Fatigue analysis of subsea jumpers due to slug flow

Bob Van Der Heijden, Henk Smienk, Andrei V. Metrikine

Research output: Chapter in Book/Conference proceedings/Edited volumeConference contributionScientificpeer-review

6 Citations (Scopus)


Rigid steel jumpers are used in a subsea flow line system to connect subsea components. They provide a certain flexibility with respect to installation and operating conditions. This flexibility makes the jumper susceptible to slug flow induced vibrations. Slug flow can be described as an alternating flow of long oil and gas bubbles which flow at the gas velocity. The alternation between oil and gas density causes loads on the jumper which causes the jumper to vibrate. Two excitation mechanisms can be identified; 1) The variation in weight along the straight sections and 2) the difference in impact loads on the bends. Due to the cyclic nature of these loads fatigue can cause the jumper to fail. As a main contractor of SURF-projects (Subsea Umbilicals Risers and Flowlines) Heerema Marine Contractors (HMC) is responsible for the engineering, procurement, construction and installation (EPCI) of the entire project scope, including the design of the subsea jumpers. Hence this paper has been set up by HMC and the Delft University of Technology to study slug flow induced fatigue in subsea jumpers and in order to find new design considerations. In the early design phase of a subsea jumper the offshore industry commonly uses, to authors knowledge, a static analysis to predict the fatigue damage caused by slug flow. Since the vibrations caused by slug flow are not incorporated in a static analysis an accurate tradeoff between flexibility and fatigue lifetime cannot be made during the design phase. As this tradeoff during the design phase is desirable, a new dynamic and more accurate analysis method has been developed which takes these vibrations into account. A comparison between this new methodology and the common industry method is made in order to quantify the difference in analyzed fatigue damage due to slug flow induced vibration. Additionally the effects of a pressure drop over a passing slug is also investigated to determine if a pressure drop should be incorporated as a design factor for slug flow induced fatigue. The new dynamic method will also be used to investigate the relation between jumper configuration and high slug flow velocity. It will show what excitation mechanisms are dominant and how this affects the fatigue behavior. Since is be the first time, to authors knowledge, such an extensive analysis of geometries and velocities is undertaken it will provide new insights into slug flow induced fatigue in subsea jumpers in general. The newly found amplification and attenuation of the vibration by the successive impacts on the bends of a subsea jumper are investigated.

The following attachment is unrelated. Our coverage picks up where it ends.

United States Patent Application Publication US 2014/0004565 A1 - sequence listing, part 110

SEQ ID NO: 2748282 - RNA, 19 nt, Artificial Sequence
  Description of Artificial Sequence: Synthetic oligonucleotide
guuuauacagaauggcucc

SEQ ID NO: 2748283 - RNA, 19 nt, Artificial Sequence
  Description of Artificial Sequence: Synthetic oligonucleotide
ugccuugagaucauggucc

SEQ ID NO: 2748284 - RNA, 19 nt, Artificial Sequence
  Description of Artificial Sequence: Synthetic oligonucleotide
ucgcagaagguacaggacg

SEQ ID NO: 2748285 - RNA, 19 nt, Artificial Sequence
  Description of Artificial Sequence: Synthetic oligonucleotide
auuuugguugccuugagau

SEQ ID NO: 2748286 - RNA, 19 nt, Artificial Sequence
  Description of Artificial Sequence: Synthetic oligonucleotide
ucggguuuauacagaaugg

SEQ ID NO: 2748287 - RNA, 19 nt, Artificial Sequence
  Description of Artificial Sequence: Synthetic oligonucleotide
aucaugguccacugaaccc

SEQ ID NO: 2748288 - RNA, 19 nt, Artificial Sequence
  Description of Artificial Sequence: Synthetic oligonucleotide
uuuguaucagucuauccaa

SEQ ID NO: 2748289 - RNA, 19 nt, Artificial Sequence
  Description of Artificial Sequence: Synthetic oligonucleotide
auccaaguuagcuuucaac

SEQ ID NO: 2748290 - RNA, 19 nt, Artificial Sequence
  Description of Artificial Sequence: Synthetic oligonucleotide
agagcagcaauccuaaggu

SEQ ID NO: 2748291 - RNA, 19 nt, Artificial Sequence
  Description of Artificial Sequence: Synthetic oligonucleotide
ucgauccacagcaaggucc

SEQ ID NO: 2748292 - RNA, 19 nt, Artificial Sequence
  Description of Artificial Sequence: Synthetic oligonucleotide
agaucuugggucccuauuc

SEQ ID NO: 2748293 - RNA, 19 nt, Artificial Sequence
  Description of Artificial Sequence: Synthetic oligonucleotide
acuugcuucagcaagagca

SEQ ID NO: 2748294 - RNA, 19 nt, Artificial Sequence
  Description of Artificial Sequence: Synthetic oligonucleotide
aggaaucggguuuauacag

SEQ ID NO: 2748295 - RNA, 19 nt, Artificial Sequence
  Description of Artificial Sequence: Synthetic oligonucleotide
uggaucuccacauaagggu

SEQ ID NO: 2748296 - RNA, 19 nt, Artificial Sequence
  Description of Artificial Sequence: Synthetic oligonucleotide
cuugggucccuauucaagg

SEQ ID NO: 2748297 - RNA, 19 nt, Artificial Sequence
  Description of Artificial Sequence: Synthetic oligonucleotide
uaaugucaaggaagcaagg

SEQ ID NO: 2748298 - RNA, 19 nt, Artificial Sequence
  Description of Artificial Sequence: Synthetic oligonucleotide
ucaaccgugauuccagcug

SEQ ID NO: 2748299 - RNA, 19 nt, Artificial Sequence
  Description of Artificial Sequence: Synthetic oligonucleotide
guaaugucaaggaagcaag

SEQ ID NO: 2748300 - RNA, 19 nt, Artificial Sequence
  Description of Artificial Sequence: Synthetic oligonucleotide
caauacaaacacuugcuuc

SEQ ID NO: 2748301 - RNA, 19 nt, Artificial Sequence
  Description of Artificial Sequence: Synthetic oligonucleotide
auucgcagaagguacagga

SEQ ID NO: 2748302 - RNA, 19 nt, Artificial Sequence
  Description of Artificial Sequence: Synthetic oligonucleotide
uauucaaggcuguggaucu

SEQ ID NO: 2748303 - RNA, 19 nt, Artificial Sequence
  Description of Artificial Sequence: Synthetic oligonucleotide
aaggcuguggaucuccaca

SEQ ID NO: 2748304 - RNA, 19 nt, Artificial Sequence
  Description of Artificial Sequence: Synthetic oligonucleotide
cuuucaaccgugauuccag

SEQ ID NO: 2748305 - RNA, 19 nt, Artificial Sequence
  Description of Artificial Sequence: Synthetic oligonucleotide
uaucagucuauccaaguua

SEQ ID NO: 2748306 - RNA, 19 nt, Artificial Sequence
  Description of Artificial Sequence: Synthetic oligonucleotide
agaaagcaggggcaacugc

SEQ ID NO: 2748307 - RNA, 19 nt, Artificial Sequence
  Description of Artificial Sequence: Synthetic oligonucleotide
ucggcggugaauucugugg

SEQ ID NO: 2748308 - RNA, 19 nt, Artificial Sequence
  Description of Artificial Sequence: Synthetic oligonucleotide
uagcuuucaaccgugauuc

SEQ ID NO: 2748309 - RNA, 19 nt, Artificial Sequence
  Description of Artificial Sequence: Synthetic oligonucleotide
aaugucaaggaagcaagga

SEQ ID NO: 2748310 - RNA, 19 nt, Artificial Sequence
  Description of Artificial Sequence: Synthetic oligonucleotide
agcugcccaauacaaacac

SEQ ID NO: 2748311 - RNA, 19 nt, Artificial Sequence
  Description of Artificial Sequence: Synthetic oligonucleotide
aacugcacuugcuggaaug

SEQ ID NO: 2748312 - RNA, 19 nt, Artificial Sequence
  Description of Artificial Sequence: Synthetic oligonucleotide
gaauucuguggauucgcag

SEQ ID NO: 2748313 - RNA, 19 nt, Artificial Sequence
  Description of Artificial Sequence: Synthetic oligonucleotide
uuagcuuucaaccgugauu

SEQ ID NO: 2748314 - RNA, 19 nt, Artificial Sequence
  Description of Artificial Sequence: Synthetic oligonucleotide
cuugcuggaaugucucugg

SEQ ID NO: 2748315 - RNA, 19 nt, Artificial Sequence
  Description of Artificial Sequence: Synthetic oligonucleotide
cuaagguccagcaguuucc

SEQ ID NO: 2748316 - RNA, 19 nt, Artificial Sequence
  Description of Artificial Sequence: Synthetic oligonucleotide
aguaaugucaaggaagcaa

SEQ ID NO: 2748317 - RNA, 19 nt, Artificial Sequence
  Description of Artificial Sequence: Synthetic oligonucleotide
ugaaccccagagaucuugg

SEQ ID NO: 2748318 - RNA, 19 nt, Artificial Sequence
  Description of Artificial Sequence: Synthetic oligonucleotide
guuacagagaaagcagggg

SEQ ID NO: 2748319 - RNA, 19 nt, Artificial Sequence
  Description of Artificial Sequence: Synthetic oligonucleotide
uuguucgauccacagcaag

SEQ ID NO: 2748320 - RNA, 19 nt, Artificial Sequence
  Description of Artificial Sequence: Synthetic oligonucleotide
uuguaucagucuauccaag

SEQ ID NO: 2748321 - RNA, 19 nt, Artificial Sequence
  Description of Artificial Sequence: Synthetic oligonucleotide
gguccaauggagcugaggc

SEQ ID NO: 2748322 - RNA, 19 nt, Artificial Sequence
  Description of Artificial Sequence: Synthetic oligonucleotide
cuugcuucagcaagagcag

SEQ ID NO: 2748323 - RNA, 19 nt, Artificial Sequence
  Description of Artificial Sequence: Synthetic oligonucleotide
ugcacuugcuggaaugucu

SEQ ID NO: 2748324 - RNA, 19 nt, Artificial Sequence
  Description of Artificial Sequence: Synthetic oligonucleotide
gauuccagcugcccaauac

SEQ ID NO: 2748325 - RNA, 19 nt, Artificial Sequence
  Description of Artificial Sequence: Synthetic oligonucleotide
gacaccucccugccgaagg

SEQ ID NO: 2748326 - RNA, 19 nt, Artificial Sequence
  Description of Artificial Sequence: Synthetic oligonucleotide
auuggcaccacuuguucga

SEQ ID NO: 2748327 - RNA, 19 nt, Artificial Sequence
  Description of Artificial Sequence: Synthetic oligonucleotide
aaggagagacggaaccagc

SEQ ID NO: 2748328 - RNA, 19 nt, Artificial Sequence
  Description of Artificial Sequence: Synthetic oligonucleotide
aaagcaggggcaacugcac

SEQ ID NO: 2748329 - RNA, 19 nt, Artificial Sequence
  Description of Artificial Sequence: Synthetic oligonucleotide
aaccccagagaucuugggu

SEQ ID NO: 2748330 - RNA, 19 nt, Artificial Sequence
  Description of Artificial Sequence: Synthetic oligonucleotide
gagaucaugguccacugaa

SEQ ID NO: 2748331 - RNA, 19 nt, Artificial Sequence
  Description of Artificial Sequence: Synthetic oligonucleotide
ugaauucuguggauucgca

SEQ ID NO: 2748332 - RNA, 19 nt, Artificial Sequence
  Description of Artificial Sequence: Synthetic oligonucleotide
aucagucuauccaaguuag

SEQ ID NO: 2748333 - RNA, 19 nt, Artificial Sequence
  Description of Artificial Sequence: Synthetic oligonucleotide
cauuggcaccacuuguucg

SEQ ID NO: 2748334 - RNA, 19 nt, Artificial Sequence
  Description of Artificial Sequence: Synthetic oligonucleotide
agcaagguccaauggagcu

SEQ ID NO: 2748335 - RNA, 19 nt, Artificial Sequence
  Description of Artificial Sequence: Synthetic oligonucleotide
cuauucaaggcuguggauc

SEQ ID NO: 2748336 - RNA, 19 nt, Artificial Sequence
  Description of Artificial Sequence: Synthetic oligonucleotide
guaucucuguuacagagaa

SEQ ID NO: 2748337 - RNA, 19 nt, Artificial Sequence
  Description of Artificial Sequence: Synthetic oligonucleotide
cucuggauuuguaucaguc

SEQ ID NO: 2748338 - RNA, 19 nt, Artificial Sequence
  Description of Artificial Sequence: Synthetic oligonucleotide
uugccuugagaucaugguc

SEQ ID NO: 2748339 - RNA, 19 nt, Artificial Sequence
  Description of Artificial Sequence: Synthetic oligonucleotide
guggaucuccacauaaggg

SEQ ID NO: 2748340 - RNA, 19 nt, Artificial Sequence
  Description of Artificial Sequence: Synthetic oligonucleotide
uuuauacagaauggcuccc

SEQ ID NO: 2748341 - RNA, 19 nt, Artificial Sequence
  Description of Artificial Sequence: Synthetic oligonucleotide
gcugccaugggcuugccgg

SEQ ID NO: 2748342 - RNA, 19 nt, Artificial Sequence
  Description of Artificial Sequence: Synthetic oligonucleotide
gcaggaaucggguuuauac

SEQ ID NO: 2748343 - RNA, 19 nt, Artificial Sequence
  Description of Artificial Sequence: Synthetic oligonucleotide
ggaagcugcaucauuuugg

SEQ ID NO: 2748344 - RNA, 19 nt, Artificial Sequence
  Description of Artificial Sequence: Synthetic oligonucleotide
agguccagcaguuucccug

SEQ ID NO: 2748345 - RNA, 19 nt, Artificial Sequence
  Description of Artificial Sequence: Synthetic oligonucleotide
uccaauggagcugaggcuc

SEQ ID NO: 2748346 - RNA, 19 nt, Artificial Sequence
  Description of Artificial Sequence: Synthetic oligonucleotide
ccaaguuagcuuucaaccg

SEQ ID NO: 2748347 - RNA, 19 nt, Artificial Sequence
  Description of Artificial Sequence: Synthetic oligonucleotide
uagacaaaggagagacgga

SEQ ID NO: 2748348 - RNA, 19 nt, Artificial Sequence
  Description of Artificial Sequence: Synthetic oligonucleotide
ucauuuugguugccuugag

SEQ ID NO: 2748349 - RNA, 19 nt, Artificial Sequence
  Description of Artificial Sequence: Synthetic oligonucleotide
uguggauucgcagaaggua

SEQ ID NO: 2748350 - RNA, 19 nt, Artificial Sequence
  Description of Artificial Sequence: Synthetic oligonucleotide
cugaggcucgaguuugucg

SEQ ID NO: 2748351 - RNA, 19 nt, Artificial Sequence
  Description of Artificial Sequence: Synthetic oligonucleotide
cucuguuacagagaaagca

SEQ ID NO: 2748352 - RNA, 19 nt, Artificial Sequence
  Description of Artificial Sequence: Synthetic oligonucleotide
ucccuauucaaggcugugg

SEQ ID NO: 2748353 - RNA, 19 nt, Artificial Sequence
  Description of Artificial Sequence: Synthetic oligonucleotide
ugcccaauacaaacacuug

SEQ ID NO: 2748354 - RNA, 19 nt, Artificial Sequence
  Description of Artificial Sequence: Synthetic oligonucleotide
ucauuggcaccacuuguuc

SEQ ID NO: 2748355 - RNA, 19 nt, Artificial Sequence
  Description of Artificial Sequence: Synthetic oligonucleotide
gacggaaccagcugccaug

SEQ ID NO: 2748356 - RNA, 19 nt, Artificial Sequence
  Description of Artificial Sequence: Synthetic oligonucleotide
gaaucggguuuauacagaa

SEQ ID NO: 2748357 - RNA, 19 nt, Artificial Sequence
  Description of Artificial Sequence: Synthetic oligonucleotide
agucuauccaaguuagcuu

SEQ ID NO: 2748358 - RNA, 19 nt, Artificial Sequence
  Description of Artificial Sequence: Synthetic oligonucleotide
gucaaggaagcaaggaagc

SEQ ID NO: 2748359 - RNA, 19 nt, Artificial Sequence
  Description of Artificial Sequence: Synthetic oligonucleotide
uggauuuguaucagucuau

Original languageEnglish
Title of host publicationPipeline and Riser Technology
Number of pages10
ISBN (Electronic) 978-0-7918-4546-2
Publication statusPublished - 2014
EventASME 2014 33rd International Conference on Ocean, Offshore and Arctic Engineering - New York, San Francisco, United States
Duration: 8 Jun 201413 Jun 2014
Conference number: 33


ConferenceASME 2014 33rd International Conference on Ocean, Offshore and Arctic Engineering
Abbreviated titleOMAE 2014
Country/TerritoryUnited States
CitySan Francisco


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